Biogen to pay $900 million to settle lawsuit over MS drug outreach
Biogen has agreed to pay $900 million to settle a whistleblower lawsuit accusing it of paying doctors to encourage them to prescribe its multiple sclerosis drugs, the U.S Department of Justice announced Monday.
Between 2009 and 2014, Biogen paid hundreds of physicians for consulting advice and speaker training as well as meals and travel to Biogen events — payments that were alleged to be illegal kickbacks.
A former marketing director, Michael Bawduniak, sued the drugmaker in 2012 under the whistleblower provisions of the federal False Claims Act, claiming Biogen targeted physicians and their staff who made up a large portion of its drug sales for advice on topics it did not need and speaking fees for presentations that were likewise not in demand. The efforts were aimed at preserving or growing the market share of its multiple sclerosis drugs Avonex, Tysabri and the then newly approved Tecfidera against rival products such as Novartis’ drug Gilenya.
In 2009 and 2010, for example, Biogen paid $18 million to 1,500 physicians and nurses who accounted for roughly 60% of multiple sclerosis drug prescriptions, ignoring the other 16,000 neurologists responsible for the rest, according to an amended complaint. It also continued to hold annual winter consultant meetings in places like Miami and San Diego, despite increased scrutiny and internal pressure against such events, inviting 200 medical professionals to a high-end resort in 2009 and 2010 and paying each around $6,500 plus hotel, meals and airfare.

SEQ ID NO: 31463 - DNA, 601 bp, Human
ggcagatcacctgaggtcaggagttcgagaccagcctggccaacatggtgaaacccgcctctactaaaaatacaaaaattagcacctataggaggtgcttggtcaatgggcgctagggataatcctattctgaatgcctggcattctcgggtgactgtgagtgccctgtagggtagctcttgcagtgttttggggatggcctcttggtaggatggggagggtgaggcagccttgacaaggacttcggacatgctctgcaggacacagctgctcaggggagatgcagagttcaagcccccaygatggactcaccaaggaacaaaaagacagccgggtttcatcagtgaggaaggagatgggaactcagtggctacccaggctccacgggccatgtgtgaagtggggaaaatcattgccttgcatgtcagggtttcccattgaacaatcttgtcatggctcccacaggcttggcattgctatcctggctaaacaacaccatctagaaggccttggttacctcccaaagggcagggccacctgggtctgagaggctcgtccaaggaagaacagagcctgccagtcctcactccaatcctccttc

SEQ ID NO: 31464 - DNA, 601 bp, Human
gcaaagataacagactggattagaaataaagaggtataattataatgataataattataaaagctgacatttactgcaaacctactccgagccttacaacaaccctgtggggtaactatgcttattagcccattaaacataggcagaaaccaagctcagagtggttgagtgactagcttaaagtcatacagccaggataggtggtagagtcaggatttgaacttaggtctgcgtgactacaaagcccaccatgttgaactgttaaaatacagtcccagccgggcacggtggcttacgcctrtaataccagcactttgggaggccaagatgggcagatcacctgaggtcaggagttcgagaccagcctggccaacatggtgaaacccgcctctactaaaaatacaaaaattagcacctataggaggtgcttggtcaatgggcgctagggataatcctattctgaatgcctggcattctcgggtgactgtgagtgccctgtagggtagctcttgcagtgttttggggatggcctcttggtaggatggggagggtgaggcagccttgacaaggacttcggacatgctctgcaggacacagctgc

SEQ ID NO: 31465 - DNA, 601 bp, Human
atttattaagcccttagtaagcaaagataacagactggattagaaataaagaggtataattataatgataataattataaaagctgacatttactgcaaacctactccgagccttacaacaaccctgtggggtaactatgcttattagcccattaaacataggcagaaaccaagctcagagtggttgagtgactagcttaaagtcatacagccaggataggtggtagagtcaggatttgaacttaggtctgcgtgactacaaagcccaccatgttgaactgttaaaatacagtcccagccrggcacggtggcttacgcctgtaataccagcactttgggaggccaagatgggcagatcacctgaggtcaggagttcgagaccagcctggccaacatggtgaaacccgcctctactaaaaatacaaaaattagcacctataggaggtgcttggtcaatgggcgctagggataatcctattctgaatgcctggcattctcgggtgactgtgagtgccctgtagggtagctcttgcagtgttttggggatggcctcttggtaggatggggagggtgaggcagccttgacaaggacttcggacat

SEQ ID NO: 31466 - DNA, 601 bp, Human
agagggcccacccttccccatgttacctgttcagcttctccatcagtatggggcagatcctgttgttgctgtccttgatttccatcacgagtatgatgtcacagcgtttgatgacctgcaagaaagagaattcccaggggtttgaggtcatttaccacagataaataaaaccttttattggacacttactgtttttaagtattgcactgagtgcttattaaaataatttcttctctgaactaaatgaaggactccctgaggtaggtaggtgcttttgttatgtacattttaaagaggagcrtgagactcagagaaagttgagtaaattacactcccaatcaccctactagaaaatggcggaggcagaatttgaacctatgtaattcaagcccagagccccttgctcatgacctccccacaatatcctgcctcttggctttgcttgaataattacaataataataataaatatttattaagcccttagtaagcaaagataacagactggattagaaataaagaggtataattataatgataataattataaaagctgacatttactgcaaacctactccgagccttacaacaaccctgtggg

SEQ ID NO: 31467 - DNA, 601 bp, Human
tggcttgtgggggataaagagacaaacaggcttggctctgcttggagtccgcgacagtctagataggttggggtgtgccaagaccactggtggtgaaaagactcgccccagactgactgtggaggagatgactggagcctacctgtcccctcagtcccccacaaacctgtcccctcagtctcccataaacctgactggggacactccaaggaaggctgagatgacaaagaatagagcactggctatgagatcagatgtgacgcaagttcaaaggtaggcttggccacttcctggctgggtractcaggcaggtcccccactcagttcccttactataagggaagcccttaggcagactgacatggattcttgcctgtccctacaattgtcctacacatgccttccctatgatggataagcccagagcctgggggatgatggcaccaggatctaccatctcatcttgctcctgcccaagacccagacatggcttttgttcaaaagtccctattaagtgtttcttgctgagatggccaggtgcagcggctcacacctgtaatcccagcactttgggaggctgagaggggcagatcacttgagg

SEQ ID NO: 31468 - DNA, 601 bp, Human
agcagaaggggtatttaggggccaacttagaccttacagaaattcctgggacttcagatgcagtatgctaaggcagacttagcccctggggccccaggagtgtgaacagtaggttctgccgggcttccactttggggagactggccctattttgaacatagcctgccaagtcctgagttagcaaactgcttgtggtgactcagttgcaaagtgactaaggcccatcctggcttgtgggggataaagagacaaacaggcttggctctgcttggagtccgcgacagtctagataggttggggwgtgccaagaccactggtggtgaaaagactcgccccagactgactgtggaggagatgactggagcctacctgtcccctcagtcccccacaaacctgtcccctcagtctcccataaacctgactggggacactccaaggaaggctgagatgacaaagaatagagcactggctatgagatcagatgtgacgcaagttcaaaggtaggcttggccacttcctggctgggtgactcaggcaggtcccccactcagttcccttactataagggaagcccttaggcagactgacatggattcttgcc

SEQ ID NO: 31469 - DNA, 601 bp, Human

Under the settlement, Biogen will pay $843 million to the U.S. government and $56 million to 15 states. Bawduniak will receive about 30% of the U.S. government payment. When Biogen agreed to the settlement in July before the case went to trial, Bawduniak’s lawyer said it was the largest settlement won by a whistleblower in private litigation under the False Claims Act.
“Biogen believes its intent and conduct was at all times lawful and appropriate and Biogen denies all allegations raised in this case,” the company said in a statement on Monday. “Biogen continues to believe that it is important to equip physicians and patients with the information needed to make the best decisions for their care.”
Biogen has been under scrutiny this year after the botched launch of its Alzheimer’s disease drug Aduhelm, which failed to win over insurers and doctors and secured only limited coverage by Medicare. In May, its CEO agreed to step down once a successor was found.
The settlement follows a trend by U.S. pharmaceutical and biotechnology companies settling kickback cases rather than go to trial. In 2020, Novartis agreed to pay $678 million to settle a federal lawsuit. A Johnson & Johnson subsidiary settled claims it donated to a charity to hide alleged kickbacks for $360 million in 2018. Celgene agreed to pay $280 million in 2017.
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